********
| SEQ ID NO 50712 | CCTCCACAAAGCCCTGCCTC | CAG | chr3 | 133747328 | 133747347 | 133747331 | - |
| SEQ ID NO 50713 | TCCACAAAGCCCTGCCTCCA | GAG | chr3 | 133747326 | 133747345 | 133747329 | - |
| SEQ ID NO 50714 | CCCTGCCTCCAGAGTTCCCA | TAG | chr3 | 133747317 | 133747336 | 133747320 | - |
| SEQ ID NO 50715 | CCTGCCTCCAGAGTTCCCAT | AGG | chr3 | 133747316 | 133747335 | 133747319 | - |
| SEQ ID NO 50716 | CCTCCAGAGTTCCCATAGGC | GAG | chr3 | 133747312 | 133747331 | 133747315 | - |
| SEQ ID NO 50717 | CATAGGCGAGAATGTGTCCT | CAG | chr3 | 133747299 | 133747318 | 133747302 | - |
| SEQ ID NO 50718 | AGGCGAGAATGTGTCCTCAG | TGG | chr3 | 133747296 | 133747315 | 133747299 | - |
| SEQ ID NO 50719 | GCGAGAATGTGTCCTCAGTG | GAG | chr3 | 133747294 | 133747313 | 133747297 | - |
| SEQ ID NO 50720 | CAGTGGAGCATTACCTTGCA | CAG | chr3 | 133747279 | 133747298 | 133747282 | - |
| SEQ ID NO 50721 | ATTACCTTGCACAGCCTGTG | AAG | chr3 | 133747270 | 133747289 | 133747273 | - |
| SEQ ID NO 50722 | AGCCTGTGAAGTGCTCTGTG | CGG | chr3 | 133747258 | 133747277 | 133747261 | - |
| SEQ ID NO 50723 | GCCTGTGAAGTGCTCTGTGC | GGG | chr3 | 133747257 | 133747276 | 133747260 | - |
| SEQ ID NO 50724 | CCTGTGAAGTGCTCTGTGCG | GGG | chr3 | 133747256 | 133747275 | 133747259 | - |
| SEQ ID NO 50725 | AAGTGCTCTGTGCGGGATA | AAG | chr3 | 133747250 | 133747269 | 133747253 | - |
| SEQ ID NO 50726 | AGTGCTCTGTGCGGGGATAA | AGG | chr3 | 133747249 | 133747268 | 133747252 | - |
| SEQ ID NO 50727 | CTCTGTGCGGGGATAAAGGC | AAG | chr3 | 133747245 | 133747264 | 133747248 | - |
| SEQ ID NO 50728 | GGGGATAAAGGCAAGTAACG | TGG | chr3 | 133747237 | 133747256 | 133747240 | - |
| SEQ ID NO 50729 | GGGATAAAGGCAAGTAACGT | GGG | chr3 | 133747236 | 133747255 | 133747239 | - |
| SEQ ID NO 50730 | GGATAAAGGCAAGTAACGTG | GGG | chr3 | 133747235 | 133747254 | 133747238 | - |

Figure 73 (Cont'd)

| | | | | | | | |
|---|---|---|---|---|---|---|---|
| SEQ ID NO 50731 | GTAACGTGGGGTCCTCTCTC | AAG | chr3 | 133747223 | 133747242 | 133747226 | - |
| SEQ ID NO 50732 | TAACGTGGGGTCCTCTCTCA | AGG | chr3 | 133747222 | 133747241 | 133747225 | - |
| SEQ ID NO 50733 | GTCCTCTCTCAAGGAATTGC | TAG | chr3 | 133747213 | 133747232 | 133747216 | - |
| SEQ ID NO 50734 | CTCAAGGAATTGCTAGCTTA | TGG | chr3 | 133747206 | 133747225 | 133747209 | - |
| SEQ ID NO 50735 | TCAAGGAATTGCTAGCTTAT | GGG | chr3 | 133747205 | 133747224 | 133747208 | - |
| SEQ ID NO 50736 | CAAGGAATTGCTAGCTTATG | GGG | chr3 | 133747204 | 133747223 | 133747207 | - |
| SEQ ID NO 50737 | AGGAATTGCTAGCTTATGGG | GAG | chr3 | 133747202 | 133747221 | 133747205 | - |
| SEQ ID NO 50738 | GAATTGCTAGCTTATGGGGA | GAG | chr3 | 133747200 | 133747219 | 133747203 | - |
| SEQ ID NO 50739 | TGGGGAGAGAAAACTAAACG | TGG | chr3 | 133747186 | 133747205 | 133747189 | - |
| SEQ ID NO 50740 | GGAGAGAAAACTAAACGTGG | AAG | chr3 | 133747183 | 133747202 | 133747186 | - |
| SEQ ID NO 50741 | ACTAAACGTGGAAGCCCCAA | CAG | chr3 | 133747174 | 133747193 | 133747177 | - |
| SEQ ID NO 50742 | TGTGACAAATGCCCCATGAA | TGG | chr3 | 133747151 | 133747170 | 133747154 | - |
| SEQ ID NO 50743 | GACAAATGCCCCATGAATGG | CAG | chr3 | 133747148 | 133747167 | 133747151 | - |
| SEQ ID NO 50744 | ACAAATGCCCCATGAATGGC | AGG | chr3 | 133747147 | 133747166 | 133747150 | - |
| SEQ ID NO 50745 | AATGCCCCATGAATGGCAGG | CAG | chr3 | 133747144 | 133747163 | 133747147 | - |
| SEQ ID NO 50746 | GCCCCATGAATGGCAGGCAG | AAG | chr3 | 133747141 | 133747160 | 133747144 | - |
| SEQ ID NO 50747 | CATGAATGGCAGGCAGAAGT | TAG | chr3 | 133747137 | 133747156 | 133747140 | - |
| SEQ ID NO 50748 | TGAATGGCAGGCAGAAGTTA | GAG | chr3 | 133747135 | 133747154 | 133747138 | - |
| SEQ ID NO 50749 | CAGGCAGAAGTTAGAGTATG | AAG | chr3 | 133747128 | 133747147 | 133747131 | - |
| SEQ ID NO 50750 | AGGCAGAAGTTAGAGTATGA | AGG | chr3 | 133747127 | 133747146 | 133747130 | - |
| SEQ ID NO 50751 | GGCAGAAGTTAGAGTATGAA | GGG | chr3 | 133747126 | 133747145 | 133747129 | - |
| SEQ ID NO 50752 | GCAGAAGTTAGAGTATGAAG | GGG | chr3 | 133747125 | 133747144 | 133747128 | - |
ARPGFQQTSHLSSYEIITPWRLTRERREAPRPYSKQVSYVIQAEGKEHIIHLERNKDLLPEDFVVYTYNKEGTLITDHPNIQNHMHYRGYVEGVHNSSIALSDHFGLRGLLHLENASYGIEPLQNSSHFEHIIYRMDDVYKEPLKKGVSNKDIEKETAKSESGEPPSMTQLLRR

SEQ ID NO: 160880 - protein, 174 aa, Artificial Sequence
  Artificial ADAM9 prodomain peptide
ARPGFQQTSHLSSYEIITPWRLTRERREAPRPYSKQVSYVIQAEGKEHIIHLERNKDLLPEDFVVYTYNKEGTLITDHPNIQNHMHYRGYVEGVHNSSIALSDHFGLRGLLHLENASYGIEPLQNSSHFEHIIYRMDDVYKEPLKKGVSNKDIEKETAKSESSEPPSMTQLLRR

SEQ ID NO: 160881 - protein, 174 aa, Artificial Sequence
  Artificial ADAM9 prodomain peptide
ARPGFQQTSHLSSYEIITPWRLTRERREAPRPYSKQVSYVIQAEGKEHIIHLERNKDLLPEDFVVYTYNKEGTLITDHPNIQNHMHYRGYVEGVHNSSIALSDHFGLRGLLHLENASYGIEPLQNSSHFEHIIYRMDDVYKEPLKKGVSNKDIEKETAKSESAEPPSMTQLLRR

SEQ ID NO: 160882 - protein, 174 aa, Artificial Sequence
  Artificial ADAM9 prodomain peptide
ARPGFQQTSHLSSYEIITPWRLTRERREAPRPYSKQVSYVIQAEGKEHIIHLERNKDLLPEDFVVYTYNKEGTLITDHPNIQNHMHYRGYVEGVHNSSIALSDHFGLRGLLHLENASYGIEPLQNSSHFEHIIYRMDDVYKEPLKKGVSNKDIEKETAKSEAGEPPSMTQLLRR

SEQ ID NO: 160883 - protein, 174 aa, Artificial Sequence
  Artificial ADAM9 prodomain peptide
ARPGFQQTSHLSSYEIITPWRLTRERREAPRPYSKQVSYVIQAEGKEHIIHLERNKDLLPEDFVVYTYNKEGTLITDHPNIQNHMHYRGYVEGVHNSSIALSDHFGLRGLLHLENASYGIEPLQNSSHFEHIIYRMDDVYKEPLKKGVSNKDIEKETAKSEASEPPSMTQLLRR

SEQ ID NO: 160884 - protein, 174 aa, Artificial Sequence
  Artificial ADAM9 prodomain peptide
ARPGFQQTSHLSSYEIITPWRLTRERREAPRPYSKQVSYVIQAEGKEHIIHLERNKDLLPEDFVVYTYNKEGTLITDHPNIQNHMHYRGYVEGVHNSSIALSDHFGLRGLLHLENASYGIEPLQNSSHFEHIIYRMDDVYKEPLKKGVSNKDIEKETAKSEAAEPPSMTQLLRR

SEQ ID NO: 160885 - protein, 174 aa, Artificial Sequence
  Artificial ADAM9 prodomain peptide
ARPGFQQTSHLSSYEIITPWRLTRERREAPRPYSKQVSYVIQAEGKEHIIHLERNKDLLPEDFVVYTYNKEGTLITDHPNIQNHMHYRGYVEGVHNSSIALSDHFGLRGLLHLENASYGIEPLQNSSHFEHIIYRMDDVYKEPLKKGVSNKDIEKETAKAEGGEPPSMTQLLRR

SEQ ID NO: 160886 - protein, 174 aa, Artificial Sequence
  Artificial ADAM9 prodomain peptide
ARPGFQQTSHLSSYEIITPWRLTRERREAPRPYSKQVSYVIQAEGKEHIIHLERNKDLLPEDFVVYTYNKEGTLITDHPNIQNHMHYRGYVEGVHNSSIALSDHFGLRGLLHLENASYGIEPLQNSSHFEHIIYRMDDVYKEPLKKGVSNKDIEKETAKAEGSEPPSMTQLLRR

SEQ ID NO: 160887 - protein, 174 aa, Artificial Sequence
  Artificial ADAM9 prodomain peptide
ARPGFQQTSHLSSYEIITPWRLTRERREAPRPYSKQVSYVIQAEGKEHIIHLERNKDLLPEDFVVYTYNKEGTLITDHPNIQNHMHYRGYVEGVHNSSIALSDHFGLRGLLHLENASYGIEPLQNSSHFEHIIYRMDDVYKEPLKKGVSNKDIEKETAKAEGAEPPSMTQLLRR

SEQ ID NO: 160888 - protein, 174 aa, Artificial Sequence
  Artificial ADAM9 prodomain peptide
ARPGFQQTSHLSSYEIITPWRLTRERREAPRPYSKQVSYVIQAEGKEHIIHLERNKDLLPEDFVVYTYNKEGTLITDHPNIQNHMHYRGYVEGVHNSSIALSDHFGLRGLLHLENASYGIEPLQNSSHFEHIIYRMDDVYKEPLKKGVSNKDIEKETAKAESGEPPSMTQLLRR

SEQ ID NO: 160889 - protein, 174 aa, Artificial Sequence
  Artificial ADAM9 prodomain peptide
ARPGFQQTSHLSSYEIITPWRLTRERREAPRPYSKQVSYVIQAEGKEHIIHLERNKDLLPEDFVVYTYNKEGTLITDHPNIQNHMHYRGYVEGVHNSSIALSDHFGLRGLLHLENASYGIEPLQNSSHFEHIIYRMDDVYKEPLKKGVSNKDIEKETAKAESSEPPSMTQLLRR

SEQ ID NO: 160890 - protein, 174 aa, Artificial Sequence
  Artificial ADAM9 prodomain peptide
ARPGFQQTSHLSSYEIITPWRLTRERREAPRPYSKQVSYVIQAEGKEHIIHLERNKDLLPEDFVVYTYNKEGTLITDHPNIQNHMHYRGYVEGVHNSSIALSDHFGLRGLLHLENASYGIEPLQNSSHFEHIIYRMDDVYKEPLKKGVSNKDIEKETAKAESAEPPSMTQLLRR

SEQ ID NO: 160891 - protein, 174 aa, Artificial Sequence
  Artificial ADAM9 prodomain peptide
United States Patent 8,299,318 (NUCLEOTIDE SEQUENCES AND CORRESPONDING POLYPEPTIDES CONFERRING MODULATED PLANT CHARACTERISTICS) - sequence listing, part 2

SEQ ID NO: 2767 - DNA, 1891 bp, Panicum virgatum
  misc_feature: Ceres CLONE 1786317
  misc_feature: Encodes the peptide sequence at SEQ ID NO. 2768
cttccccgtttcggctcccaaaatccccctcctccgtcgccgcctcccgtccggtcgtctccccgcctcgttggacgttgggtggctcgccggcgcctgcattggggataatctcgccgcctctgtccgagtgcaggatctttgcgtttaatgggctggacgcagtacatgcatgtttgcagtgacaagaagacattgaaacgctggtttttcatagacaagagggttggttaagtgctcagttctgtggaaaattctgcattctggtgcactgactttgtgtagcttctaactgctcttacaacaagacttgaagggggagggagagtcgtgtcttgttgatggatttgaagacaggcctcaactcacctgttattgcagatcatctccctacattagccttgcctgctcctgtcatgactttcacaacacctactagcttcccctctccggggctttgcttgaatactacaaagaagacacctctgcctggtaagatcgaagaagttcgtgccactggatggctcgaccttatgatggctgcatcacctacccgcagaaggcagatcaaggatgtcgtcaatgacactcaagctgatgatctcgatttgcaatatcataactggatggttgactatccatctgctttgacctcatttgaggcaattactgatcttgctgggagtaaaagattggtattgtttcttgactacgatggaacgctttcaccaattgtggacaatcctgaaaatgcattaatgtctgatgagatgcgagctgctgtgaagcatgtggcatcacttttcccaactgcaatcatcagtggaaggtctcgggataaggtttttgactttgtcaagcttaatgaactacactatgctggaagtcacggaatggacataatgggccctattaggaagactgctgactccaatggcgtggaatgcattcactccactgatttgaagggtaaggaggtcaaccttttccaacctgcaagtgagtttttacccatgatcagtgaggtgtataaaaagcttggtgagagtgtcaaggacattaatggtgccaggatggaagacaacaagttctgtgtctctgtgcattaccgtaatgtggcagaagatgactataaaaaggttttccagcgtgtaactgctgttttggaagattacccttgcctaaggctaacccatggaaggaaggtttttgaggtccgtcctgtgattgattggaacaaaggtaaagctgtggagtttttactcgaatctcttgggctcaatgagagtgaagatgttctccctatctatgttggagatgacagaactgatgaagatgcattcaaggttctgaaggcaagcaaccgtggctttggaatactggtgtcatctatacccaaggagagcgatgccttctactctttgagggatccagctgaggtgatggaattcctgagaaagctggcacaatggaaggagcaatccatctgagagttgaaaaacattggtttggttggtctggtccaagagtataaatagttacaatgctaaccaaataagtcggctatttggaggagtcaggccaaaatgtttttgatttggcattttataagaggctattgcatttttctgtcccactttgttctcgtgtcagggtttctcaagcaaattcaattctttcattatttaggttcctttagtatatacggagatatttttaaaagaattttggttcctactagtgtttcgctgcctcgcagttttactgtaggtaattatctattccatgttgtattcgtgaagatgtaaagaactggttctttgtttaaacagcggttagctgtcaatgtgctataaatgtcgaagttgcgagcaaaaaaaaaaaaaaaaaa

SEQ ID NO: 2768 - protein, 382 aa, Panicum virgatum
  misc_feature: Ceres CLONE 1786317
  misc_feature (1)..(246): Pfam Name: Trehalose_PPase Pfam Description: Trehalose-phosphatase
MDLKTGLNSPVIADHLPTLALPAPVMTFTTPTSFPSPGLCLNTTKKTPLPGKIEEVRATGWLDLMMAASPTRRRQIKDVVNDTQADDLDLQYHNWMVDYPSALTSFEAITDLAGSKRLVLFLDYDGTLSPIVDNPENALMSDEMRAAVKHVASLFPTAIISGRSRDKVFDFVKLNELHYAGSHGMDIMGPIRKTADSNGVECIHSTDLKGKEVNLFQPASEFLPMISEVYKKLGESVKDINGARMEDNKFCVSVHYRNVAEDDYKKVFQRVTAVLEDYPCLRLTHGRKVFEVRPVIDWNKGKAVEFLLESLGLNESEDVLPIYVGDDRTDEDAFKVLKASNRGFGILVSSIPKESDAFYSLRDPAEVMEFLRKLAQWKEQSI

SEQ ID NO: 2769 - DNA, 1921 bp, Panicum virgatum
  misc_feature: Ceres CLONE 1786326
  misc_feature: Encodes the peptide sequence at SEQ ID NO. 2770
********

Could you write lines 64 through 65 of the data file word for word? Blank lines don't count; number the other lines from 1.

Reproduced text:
SEQ ID NO: 160886 - protein, 174 aa, Artificial Sequence
  Artificial ADAM9 prodomain peptide